Schools, sheriff face budget committee
Marshall County's Budget Committee still doesn't like the proposed school budget since it's dipping into reserves, but the panel responded positively to the sheriff's proposal for a reserve deputy program.
Both issues are likely to be discussed Monday at 6 p.m. in the Courthouse Annex where county commissioners are to convene in regular session.
"We voted 5-0 not to recommend the school budget to the commission, as presented," Commission chairman Tom Sumners said of the Budget Committee's decision on Tuesday. "They're still dipping into the reserve fund. It will be on the floor Monday.
"Beyond that (as far as what will come of it,) your guess is as good as mine," Sumners said.
While the school board wants to spend more than what it did last year, Sheriff Norman Dalton wants to shift spending on overtime and, according to Commissioner Mickey King, use it to pay workers compensation insurance premiums for unpaid reserve deputies.
King and Sumners endorsed the idea.
Meanwhile, County Schools Director Roy Dukes says the school system must spend more money and drawing from reserves won't increase taxes.
Other leaders contend a Maintenance of Effort requirement in the state's Basic Education Program means that if county spending increases this year, then next year the spending can't be any less. Therefore, spending from reserves results in an eventual requirement for more money appropriated to schools.
Dukes counters saying there are other requirements so more is needed.
"There is a tremendous ... responsibility to prepare students for success," he said. "One is the Diploma Project. Other counties are doing it. It's mandated by the state."
More is needed for teacher retirement, he said.
"I would ask every commissioner on the commission to help us move along for our students and teachers," Dukes said. "Tennessee won the Race to The Top. Other states are looking at Tennessee on how it's handled. Race to The Top is a change in the method of teaching students. Every student must have an opportunity to be successful and make one year of gain academically."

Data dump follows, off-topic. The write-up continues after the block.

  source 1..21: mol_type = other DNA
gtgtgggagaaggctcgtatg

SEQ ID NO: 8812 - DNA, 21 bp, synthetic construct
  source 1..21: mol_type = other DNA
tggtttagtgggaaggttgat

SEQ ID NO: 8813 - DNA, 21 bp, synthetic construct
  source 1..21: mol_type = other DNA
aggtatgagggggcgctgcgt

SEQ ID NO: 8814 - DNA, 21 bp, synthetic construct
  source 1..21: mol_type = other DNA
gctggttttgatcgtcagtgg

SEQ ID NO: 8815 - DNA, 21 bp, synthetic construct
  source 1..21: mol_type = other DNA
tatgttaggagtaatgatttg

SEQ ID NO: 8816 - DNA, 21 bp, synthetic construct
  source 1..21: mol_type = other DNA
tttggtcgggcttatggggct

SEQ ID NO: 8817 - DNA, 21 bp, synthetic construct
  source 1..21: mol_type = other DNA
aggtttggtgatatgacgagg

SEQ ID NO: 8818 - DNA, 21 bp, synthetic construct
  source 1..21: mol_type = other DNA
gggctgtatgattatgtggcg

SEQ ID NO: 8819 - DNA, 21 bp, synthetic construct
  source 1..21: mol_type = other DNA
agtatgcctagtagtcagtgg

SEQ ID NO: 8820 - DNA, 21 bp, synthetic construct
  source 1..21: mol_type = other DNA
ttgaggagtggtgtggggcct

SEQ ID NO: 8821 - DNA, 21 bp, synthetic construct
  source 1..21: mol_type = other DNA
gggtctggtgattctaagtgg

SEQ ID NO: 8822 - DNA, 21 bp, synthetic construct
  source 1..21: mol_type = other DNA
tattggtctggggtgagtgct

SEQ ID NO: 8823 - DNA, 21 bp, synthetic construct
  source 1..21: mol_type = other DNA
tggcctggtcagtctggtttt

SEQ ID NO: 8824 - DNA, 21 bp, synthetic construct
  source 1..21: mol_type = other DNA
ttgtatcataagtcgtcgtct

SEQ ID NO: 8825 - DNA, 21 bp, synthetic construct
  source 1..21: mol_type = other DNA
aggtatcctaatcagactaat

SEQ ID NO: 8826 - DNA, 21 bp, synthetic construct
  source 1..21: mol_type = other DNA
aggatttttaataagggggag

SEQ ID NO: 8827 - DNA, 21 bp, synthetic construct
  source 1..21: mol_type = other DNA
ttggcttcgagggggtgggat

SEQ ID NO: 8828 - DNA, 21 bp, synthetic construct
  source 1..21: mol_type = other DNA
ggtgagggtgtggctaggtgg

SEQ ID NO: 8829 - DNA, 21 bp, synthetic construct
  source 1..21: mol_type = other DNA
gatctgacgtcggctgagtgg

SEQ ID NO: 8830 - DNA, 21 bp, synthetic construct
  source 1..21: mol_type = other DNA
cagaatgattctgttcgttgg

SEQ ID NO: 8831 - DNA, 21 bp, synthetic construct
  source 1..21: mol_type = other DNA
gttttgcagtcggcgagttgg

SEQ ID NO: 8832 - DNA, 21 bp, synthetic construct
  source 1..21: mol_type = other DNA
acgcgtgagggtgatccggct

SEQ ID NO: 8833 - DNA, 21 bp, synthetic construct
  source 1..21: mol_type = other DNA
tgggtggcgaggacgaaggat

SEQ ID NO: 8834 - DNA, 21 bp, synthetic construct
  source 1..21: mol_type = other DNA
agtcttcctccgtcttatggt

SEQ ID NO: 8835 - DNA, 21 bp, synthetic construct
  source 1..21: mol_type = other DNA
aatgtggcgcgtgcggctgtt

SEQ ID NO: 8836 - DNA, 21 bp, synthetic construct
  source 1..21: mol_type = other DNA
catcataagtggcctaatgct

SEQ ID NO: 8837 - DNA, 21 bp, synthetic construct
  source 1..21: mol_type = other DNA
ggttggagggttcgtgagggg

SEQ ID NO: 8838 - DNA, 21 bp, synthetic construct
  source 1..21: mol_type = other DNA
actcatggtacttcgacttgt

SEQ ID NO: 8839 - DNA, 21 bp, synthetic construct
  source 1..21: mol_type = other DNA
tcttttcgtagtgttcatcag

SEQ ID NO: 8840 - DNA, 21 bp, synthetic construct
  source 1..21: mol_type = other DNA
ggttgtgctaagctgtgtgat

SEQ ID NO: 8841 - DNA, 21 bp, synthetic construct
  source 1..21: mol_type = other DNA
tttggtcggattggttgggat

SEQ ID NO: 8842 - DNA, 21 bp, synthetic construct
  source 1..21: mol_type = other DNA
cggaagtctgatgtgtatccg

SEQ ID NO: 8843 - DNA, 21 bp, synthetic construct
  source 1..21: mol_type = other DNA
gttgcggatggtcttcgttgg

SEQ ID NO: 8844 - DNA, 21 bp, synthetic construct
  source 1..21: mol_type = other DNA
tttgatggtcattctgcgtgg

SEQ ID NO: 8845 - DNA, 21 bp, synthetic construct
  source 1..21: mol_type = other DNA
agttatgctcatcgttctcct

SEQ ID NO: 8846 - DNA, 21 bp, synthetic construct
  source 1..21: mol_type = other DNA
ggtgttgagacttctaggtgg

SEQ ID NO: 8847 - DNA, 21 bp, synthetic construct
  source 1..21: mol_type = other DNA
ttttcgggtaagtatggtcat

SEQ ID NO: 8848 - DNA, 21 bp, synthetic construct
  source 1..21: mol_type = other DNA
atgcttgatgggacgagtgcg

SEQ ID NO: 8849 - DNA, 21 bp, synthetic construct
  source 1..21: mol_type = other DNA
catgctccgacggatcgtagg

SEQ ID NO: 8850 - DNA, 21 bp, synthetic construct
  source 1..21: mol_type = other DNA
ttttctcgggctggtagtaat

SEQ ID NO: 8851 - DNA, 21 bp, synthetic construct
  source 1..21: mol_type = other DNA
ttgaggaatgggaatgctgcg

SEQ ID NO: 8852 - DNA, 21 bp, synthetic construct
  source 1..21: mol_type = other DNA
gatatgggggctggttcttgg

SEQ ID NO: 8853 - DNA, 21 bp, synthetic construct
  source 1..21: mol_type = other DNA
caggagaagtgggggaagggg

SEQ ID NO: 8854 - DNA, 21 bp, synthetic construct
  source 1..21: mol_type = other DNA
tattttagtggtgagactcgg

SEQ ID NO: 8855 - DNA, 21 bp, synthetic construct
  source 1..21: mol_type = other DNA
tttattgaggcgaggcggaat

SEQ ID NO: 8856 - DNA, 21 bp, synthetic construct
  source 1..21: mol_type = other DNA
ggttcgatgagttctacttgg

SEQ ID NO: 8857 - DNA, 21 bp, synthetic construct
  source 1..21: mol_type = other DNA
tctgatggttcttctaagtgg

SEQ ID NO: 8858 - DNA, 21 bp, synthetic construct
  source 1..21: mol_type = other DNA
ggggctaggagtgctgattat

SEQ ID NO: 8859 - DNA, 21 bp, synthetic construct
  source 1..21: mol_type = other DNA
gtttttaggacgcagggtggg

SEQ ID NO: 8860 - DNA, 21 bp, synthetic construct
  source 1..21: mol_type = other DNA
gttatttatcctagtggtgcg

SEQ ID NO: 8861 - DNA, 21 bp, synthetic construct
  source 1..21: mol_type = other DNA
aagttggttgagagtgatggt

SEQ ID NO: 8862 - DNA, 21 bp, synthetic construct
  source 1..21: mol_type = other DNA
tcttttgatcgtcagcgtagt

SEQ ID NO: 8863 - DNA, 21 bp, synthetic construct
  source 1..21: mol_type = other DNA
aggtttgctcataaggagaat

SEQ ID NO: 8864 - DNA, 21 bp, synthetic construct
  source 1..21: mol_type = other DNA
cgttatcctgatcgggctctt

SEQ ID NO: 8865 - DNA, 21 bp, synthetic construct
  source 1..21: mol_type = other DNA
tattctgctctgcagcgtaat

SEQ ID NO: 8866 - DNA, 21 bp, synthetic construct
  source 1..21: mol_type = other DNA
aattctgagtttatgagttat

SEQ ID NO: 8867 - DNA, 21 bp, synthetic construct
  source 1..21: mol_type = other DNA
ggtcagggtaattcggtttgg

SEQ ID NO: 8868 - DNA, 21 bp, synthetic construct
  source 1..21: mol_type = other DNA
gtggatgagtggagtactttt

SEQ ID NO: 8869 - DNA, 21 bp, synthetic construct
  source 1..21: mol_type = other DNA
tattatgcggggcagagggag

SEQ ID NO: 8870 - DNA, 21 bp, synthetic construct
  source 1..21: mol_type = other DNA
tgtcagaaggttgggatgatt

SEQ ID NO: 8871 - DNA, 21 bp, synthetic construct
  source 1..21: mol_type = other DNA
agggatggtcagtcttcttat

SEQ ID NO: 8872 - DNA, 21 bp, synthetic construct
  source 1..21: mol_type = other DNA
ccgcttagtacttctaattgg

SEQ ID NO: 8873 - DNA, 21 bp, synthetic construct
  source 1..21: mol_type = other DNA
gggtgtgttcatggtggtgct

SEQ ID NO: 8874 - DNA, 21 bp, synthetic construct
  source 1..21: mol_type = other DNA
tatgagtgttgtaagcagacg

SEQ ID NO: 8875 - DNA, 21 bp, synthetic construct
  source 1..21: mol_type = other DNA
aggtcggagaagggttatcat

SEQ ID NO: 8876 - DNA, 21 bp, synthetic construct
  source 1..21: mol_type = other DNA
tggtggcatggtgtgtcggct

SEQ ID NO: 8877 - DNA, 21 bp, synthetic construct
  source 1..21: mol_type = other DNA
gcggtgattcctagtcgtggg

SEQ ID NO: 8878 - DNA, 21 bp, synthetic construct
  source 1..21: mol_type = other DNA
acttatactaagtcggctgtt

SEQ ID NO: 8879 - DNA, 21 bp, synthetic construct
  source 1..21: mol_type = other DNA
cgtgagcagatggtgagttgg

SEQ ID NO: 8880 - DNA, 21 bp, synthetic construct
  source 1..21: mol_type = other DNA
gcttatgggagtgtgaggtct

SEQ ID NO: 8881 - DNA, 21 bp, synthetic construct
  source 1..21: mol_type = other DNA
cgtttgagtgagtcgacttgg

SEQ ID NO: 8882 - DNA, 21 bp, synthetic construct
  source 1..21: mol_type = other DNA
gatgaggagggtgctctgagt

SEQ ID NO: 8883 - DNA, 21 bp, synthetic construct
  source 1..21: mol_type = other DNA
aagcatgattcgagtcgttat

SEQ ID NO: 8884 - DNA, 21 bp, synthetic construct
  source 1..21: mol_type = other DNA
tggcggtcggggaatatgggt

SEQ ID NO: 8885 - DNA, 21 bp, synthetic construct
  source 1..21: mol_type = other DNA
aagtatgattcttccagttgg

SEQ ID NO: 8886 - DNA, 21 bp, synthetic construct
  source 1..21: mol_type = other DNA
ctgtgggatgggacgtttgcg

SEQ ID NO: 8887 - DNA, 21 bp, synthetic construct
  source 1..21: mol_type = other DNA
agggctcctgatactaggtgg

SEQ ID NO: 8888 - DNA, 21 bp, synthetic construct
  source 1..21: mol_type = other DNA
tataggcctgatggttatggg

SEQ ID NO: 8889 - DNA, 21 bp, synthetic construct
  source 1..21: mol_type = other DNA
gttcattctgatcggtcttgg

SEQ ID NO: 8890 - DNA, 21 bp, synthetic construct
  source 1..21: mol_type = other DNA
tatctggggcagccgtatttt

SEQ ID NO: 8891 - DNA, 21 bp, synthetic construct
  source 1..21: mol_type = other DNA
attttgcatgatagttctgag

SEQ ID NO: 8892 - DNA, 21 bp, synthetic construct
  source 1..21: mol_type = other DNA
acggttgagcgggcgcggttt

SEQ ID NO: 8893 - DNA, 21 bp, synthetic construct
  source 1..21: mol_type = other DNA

Meanwhile, there's a state deadline to submit county school budgets. Thereafter, there's a risk of losing some Basic Education Program money.
"I think the latest it can be is Oct. 15, but I hope we will have something in place by Oct. 1," Dukes said.
As for the sheriff's proposed reserve deputy program, Dalton said he wants to start with seven officers.
"I feel that it will" cut down on overtime, he said. "It's a volunteer program. They have to come in and do the initial training. They have to meet the same standards of the regular officer without going to the academy. They'll do their training at the Sheriff's Office.
They'll be bonded and will be under the county insurance.
The only difference is that they won't have been to the academy and they have to ride with a regular deputy. Not only will it cut down on overtime, it will increase the officer back up.
"There's a possibility" they could use it as a step toward becoming an employee, "but some of them are retired and want something to do, so I'm not looking at all of them wanting to become a deputy."
King said, " It sounds real good. We told him to go forward with it, but we are going to study it some more...
"They'll be riding with an experienced deputy," King said. "He's got three deputies on at night. If one of them were to be off, then he'd call in two reserve deputies and they'd ride with the two regular deputies on duty, that way when they're called to an incident, there would be two deputies there in one car and the other car could remain on patrol."
Sumners said, "It's something the people would be real comfortable with them being out there with law enforcement and maintaining crowd control and giving peace of mind."